Philae Found! Rosetta Spies Dead Comet Lander
With only a month before its mission ends, the European Rosetta mission swooped low over Comet 67P/Churyumov–Gerasimenko to see the stranded Philae lander jammed in a crack.
Like a child's toy dropped haphazardly on a rocky beach, a small boxy object can be seen deep within a high-resolution image of a comet's landscape. Looking closer, that shape starts to look all too familiar. Yes, it's Philae. Rosetta has found Philae.
On Nov. 14, 2014, the small comet lander made its dramatic landing onto the dusty surface of Comet 67P/Churyumov–Gerasimenko after being released by the European Space Agency's Rosetta spacecraft. Philae failed to fire its anchoring grappling hooks as it made first contact with the comet, causing it to bounce off the surface, sending it on an uncertain trajectory. The gravity of the comet's bulk was just enough to prevent it from spinning into space, resulting in another series of bounces.
When the lander eventually came to rest, mission control was able to make contact, but Philae was in trouble. On its side and apparently nestled by a rocky ridge, the solar-powered robot was in shadow couldn't recharge. Engineers made possible rescue plans to right the vehicle, but as its batteries drained, mission scientists worked hard to collect as much data as possible before the inevitable loss of signal three days later.
As the comet approached the sun and rotated to allow more light to fall on Philae's solar panels, its batteries did recharge enough for the lander to briefly reestablish contact on June and July 2015. But then it fell silent, this time for good.
Now, in photographs taken by Rosetta's OSIRIS camera as the spacecraft zoomed within 2.7 kilometers (1.6 miles) of the comet's surface on Sept. 2, the guesswork of Philae's fate can be put to rest. The lander really did end up on its side, with two of its three legs awkwardly poking upwards. It seems to be jammed in a dark crack, proving why it was so hard to maintain contact with the robot after landing.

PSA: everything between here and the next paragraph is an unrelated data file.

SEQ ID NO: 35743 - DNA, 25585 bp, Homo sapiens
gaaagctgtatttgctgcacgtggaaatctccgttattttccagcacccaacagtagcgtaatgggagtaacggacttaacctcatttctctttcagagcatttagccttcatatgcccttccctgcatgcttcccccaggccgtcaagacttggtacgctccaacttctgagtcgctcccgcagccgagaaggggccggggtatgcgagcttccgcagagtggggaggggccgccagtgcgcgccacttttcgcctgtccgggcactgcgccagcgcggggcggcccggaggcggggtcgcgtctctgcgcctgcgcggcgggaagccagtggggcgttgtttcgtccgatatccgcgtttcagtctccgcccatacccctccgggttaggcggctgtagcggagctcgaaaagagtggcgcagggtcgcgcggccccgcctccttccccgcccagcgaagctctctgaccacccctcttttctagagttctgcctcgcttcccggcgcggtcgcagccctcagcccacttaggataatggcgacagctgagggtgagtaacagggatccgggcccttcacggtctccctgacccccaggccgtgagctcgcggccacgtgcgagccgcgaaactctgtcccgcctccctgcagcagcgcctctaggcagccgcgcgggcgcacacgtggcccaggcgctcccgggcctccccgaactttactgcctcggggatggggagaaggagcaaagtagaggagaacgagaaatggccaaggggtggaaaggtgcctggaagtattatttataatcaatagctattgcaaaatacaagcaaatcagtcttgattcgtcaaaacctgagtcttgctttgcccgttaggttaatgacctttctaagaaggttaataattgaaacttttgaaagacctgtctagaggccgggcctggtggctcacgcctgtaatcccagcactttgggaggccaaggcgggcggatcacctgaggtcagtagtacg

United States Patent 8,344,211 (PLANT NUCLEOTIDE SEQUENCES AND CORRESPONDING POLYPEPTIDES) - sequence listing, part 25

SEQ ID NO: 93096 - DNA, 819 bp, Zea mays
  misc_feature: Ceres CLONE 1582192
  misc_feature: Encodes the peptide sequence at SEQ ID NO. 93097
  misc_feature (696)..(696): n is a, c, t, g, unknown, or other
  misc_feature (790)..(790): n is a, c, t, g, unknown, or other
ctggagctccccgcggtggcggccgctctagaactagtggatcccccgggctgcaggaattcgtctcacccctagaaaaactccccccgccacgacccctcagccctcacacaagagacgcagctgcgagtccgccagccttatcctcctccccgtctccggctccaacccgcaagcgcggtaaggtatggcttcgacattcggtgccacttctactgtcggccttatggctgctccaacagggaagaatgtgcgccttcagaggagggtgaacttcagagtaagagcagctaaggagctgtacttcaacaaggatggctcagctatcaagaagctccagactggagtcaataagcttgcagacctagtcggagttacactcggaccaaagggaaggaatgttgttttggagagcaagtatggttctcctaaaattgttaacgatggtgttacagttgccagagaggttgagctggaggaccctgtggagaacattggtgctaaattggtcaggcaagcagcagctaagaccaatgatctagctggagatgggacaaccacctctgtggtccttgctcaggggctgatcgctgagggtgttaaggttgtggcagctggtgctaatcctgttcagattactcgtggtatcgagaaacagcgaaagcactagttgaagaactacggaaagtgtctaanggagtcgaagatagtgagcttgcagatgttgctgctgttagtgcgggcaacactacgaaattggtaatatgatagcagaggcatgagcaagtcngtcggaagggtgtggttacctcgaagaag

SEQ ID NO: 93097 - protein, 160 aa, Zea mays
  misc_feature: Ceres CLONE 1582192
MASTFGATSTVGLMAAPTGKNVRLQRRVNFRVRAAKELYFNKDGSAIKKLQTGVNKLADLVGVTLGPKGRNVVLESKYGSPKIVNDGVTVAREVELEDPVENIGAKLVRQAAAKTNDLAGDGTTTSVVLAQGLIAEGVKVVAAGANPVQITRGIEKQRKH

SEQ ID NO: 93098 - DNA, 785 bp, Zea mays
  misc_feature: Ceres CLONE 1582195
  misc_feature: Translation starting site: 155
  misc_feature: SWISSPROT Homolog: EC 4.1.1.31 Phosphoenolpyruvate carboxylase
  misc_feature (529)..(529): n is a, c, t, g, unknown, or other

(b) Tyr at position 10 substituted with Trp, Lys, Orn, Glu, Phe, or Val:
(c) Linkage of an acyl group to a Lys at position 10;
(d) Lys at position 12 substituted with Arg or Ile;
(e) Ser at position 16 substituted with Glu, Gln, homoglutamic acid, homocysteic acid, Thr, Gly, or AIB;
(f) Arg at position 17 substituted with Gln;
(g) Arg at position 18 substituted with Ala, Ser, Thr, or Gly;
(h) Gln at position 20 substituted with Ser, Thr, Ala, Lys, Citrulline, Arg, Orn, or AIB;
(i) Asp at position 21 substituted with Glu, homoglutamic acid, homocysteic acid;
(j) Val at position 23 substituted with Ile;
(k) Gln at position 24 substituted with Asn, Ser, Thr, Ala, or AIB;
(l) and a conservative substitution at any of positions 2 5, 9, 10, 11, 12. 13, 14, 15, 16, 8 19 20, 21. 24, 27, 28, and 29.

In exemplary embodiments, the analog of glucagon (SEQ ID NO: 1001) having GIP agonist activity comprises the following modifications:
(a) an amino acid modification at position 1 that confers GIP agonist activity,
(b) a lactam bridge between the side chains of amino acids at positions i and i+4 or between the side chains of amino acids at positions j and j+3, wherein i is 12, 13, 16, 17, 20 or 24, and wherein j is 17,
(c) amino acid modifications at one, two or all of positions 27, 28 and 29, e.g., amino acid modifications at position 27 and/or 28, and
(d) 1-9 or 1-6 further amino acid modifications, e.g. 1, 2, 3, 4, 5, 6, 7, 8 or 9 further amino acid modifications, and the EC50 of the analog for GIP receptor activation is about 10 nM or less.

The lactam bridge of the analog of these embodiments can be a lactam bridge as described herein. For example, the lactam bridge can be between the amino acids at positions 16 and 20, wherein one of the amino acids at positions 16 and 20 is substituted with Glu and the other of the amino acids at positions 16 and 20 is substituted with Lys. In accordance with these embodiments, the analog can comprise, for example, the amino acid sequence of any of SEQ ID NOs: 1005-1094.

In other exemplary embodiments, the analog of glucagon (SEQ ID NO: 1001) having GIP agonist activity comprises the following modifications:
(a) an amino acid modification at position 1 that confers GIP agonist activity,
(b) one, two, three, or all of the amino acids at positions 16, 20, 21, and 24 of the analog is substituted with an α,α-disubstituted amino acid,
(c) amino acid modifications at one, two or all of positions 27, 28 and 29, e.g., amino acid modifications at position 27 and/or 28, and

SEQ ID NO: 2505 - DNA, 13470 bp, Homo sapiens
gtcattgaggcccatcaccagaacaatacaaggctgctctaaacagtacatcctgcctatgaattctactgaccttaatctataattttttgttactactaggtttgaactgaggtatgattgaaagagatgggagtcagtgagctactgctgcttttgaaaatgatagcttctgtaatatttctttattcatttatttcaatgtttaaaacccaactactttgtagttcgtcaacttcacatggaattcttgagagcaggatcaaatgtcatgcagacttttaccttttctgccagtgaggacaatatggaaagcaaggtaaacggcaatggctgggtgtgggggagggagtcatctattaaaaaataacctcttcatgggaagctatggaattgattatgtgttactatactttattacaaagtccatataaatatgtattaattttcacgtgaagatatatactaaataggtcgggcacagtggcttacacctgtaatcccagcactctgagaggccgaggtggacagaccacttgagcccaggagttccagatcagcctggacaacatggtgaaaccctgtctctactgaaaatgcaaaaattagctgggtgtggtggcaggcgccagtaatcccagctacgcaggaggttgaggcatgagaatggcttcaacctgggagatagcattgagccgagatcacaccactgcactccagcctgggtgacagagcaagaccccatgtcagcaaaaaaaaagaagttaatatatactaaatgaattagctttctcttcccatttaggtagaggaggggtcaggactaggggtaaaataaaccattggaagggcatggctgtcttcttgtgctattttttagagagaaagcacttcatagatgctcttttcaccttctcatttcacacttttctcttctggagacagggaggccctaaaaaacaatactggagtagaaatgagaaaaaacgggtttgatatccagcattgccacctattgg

"With only a month left of the Rosetta mission, we are so happy to have finally imaged Philae, and to see it in such amazing detail," said Cecilia Tubiana of the OSIRIS camera team. These new images were downlinked on Sept. 4 and Tubiana was the first to see them.
"After months of work, with the focus and the evidence pointing more and more to this lander candidate, I'm very excited and thrilled that we finally have this all-important picture of Philae sitting in Abydos," added Laurence O'Rourke, Philae search coordinator, in an ESA statement.
A smooth region on the smaller lobe of Comet 67P was chosen as the landing site for Philae. It was named Agilkia. Though Philae did touch down there, its final landing spot had largely remained a mystery. By collecting telemetry data and carrying out a detailed search using high-resolution imagery from the orbiting Rosetta satellite, the mission was able to narrow Philae's final resting place to an area called Abydos, further around the comet's smaller lobe. But this is the first photo of the lander and finally we have closure on the fate of Philae.
"This wonderful news means that we now have the missing 'ground-truth' information needed to put Philae's three days of science into proper context, now that we know where that ground actually is!" said Rosetta project scientist Matt Taylor.
On Sept. 30, Rosetta will be commanded to approach the comet, eventually crashing down onto the comet's landscape. It will then join Philae as permanent human made features of the cometary landscape, monuments to an amazing mission.